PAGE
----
February 22 was the anniversary of Cayden's funeral. I spent the day not thinking about it, forcefully turning my mind from memories and images. I had to do this, to keep from moving into a state of utter panic. There was a GurgleOrc waiting to be born. His due date was February 27. He was moving consistently, but I still poked and prodded him if he went longer than an hour or so without adjusting position.
He was late, as all mine have been. He made his appearance on March 2. I spent the entire labor refusing to believe that it was actually happening, that what I was feeling weren't Braxton-Hicks contractions. By four in the afternoon the pain was intense enough that I decided I needed that blessed epidural. So we went, were admitted, I was praised for my calm demeanor and asked if I was sure I really needed the epidural? I assured them I did, that I was only calm because I knew it was coming. Around nine that evening the nurse announced it was time to push. We spent a few minutes doing this and then to my complete and utter surprise GurgleOrc was handed to me. After the marathon sessions with Orclette and Miniorc I had expected this one to go on and on and on and .... You get the picture.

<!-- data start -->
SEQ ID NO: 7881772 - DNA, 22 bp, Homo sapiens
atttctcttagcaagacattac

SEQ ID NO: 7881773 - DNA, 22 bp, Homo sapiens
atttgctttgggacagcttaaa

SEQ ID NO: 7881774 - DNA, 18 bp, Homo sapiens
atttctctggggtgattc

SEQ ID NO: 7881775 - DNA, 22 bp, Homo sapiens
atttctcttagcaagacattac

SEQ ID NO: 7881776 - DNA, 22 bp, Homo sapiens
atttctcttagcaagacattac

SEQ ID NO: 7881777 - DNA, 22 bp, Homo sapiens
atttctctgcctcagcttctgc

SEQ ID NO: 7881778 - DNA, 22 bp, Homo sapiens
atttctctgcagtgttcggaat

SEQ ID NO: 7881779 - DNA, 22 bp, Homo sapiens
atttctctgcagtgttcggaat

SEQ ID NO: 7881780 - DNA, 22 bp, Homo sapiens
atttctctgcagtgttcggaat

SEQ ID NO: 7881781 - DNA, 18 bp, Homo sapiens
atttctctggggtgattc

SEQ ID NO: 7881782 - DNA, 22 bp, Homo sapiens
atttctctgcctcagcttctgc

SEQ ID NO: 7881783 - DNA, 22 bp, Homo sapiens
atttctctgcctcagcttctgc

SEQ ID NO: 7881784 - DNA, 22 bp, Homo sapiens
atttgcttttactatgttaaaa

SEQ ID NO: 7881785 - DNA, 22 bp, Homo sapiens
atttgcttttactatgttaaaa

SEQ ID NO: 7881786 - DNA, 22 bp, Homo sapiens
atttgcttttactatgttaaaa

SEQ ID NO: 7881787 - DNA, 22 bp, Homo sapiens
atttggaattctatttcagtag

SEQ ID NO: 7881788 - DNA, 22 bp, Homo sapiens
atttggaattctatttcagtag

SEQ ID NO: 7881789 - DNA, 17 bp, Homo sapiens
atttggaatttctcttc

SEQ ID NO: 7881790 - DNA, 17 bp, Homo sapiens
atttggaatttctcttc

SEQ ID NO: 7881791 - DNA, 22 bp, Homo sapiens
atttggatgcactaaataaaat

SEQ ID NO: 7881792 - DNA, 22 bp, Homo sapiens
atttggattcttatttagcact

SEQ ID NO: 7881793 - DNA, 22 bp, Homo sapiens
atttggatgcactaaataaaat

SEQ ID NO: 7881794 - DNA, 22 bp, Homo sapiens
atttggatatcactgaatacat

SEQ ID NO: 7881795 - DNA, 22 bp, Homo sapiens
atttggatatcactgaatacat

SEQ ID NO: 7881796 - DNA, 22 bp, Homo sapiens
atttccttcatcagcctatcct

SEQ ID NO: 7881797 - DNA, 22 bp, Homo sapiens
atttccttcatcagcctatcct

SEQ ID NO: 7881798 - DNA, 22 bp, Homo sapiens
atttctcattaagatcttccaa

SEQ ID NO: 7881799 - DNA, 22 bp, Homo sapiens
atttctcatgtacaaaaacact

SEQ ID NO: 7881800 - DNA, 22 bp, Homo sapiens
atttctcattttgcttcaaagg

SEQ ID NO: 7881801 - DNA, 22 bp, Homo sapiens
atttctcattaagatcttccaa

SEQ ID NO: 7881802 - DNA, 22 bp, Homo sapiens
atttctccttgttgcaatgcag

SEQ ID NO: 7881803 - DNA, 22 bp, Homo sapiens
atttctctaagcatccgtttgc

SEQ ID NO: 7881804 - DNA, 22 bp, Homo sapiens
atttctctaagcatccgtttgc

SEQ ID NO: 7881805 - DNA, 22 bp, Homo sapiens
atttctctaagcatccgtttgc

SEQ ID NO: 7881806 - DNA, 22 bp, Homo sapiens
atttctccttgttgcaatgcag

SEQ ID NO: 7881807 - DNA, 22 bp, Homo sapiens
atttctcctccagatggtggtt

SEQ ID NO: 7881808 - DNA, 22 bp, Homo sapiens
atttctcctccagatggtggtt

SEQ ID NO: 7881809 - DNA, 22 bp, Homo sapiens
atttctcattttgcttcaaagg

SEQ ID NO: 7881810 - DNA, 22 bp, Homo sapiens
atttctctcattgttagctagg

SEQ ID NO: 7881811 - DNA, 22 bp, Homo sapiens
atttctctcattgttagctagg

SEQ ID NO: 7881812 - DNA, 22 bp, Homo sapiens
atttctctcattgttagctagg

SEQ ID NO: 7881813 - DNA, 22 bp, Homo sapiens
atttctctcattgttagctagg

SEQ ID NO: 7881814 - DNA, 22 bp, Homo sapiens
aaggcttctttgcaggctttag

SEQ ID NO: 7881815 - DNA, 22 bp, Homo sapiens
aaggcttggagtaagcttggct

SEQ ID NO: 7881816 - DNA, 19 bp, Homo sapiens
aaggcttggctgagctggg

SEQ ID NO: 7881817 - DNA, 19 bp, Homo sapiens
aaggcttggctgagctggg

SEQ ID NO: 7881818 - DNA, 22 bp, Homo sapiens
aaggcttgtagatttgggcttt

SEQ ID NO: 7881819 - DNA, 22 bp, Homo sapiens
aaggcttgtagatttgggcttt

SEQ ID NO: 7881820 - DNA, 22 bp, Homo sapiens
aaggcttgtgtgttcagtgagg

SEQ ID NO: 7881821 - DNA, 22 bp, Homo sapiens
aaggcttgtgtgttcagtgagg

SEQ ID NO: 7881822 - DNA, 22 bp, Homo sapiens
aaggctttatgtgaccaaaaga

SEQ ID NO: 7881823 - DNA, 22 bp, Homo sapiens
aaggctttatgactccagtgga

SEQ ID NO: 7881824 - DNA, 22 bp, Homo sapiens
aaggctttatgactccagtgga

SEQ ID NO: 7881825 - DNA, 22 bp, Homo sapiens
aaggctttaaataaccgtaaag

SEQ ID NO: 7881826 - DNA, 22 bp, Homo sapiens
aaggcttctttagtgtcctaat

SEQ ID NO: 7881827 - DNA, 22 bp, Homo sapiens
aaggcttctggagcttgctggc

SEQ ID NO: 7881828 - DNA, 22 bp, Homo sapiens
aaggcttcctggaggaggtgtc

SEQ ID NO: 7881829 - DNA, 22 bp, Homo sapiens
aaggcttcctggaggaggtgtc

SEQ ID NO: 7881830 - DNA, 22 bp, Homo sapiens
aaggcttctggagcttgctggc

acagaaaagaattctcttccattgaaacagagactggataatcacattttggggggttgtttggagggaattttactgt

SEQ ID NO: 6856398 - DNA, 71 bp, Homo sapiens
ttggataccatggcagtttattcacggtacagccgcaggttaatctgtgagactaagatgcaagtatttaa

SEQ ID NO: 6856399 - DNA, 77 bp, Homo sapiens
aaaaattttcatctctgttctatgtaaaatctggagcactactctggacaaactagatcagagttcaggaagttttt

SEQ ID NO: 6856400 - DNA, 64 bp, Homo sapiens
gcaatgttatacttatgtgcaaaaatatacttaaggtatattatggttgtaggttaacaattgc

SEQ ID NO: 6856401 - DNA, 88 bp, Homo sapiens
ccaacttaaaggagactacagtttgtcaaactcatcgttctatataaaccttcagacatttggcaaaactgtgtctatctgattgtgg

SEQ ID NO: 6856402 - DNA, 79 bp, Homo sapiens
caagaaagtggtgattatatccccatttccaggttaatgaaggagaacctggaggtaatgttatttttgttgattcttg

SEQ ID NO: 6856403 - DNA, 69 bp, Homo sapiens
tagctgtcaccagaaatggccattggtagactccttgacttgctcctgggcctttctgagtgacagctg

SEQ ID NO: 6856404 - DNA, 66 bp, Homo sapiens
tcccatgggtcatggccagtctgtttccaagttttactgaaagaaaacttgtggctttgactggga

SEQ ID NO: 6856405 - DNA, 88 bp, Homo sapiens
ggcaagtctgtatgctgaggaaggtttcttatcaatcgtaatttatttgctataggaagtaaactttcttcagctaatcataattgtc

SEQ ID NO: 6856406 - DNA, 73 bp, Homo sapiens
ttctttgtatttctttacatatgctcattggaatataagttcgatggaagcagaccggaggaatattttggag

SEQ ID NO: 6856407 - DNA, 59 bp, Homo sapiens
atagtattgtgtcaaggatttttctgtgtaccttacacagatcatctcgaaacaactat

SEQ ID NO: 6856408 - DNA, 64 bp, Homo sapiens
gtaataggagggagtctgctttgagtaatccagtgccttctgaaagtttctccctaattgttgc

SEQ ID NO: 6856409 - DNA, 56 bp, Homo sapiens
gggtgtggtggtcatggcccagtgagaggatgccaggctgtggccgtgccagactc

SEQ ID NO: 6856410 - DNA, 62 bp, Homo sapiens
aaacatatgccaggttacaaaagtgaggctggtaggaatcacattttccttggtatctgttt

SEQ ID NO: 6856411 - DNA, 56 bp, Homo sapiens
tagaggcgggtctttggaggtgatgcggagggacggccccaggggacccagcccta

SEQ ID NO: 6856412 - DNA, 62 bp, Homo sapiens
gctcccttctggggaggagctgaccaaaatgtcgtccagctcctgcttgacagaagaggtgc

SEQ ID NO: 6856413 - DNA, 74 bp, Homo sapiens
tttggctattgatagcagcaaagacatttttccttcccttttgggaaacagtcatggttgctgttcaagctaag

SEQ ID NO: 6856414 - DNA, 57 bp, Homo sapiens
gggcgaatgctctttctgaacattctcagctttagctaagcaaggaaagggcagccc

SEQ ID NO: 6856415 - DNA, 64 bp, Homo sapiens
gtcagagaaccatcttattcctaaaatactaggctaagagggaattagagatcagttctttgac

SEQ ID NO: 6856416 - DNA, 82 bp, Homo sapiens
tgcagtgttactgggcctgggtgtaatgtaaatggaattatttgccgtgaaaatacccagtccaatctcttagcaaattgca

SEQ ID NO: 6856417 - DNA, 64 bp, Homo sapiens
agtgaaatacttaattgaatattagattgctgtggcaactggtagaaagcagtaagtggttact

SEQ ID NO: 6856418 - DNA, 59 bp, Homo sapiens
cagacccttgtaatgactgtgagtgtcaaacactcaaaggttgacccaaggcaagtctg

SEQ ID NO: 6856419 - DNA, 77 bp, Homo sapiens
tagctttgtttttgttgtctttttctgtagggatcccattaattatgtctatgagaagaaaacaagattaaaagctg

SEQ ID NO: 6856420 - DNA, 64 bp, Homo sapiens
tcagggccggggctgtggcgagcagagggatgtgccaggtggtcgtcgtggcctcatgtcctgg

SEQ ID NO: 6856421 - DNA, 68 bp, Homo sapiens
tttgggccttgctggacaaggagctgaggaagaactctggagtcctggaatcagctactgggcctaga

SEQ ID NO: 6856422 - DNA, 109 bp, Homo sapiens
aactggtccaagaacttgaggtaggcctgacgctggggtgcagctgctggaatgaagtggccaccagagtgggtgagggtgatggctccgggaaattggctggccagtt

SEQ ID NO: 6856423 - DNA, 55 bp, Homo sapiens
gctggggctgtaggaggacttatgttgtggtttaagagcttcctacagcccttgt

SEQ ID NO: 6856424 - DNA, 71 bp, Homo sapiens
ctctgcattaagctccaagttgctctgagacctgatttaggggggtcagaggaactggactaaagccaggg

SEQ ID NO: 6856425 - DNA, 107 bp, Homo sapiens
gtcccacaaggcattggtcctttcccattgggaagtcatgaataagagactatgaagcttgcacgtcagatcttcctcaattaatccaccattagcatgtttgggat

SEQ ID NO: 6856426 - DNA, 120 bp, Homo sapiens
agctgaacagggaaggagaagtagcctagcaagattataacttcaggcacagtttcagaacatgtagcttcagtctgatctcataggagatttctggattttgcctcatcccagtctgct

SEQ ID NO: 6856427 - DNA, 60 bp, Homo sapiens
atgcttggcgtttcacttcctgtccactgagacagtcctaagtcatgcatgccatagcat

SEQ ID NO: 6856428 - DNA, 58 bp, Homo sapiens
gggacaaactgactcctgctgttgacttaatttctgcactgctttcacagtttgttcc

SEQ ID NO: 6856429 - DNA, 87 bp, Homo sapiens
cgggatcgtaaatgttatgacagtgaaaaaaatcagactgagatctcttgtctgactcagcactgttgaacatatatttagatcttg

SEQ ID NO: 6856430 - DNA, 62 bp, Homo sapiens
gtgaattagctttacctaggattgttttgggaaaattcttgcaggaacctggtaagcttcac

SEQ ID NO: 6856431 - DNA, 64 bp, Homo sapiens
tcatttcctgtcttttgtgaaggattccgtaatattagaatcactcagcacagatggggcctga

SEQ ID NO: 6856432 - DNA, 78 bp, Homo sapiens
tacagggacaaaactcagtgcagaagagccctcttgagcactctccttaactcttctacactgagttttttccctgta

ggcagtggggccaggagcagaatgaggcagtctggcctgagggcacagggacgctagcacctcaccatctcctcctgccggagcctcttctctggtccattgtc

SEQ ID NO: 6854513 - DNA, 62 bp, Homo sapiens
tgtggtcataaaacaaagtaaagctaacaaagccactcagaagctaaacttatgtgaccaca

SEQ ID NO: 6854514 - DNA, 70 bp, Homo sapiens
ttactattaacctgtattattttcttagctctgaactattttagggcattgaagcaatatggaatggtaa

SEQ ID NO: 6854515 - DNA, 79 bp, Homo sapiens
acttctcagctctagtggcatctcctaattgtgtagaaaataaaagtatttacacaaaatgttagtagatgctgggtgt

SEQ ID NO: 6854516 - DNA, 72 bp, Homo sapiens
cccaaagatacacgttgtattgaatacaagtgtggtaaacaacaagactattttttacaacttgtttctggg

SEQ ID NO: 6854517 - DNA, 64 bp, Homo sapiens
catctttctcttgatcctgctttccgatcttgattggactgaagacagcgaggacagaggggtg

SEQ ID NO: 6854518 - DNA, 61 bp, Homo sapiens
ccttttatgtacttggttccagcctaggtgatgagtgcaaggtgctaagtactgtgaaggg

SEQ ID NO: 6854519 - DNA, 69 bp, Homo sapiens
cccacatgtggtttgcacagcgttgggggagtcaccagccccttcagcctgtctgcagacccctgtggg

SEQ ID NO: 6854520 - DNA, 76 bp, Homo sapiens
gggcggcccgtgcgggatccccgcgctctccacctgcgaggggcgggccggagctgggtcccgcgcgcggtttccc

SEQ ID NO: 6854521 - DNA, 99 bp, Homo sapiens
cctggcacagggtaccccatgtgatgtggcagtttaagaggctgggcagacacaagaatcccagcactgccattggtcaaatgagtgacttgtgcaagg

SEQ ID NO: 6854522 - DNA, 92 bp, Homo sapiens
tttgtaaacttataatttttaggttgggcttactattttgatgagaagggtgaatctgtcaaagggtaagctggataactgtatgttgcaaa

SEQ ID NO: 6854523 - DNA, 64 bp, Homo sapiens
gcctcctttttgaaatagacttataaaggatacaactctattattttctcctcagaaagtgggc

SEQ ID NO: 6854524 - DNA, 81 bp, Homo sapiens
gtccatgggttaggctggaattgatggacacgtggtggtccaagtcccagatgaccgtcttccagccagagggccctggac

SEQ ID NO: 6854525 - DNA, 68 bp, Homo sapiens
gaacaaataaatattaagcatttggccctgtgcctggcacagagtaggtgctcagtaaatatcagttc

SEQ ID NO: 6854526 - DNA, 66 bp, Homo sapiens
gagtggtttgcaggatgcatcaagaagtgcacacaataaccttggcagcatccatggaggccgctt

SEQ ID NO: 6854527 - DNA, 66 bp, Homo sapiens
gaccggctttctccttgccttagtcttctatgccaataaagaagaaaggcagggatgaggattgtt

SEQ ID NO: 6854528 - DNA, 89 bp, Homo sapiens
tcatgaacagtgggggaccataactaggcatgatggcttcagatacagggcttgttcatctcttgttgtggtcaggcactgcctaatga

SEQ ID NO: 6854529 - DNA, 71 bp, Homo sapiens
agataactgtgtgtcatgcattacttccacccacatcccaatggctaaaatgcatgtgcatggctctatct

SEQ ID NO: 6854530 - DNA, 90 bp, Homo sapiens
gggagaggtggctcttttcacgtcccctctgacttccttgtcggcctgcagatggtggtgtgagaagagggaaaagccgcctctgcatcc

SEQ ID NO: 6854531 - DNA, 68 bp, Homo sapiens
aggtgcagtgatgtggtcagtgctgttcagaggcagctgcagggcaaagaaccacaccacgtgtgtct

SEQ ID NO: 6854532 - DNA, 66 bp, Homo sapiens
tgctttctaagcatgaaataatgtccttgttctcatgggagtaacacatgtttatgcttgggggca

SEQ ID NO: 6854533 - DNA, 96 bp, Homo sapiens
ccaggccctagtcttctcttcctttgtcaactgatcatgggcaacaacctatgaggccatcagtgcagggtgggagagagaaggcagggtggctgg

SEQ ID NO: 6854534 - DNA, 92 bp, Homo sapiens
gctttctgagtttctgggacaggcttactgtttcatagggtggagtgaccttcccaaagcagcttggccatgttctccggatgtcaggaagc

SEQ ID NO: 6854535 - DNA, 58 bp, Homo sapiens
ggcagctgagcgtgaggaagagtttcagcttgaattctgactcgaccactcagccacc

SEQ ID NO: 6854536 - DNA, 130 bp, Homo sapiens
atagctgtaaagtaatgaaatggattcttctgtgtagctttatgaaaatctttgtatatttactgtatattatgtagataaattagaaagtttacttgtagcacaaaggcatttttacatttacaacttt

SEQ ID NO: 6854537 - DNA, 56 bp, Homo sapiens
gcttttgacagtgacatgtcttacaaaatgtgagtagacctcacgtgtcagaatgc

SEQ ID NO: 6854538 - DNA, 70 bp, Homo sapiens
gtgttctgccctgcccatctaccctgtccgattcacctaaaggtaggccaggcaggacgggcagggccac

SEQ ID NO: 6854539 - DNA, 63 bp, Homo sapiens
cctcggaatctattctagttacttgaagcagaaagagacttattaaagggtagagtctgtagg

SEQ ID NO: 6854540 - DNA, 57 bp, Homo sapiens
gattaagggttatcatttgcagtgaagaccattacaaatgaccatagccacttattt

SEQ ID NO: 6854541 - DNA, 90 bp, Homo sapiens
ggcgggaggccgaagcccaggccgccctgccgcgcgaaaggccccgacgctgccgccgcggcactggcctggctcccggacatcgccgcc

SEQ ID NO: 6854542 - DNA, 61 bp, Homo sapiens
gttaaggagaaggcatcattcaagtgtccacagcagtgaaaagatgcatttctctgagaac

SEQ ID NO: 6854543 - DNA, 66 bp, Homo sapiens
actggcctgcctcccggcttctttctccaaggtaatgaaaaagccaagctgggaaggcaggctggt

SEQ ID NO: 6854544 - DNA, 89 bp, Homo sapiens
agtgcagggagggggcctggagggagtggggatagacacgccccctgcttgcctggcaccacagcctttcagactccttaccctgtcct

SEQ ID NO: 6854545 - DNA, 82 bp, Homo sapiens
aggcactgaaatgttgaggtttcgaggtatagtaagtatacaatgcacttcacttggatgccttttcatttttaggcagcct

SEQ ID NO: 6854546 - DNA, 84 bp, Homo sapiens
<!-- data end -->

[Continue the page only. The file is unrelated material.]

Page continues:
GurgleOrc is five months now. I don't dwell overmuch on thinking about how old Cayden would be now as it's still too painful. We talk about him frequently, I include him in our prayers, I say we have four children to those who ask. I can sometimes sing in church now although tears always threaten. The music is beginning to come back, the mind is thinking again, ideas are formulating. And GurgleOrc is pure joy. He wakes up slowly, gurgling softly, then upping the volume until he's telling all and sundry that HE IS AWAKE. BASK IN MY PRESENCE. His sister and brother adore him and I've only heard a couple of times that they wish we could send him back (and that was in the beginning, now Miniorc tells e that he won't ever let anyone hurt his little brother).
So. There we are. I'm pronouncing myself back. I'm not fully Wulfa yet, but then I will never again be the Wulfa that I was. And that's fine. Pain is a constant reminder to me, but joy comes with it as I think about one day, a long ways from now, getting to talk to Cayden, ask him what he thought of his childhood, what he thinks about everything. Preferably in a library with squashy armchairs and lots of coffee (I don't subscribe to the floating on clouds idea of heaven). It will be lovely.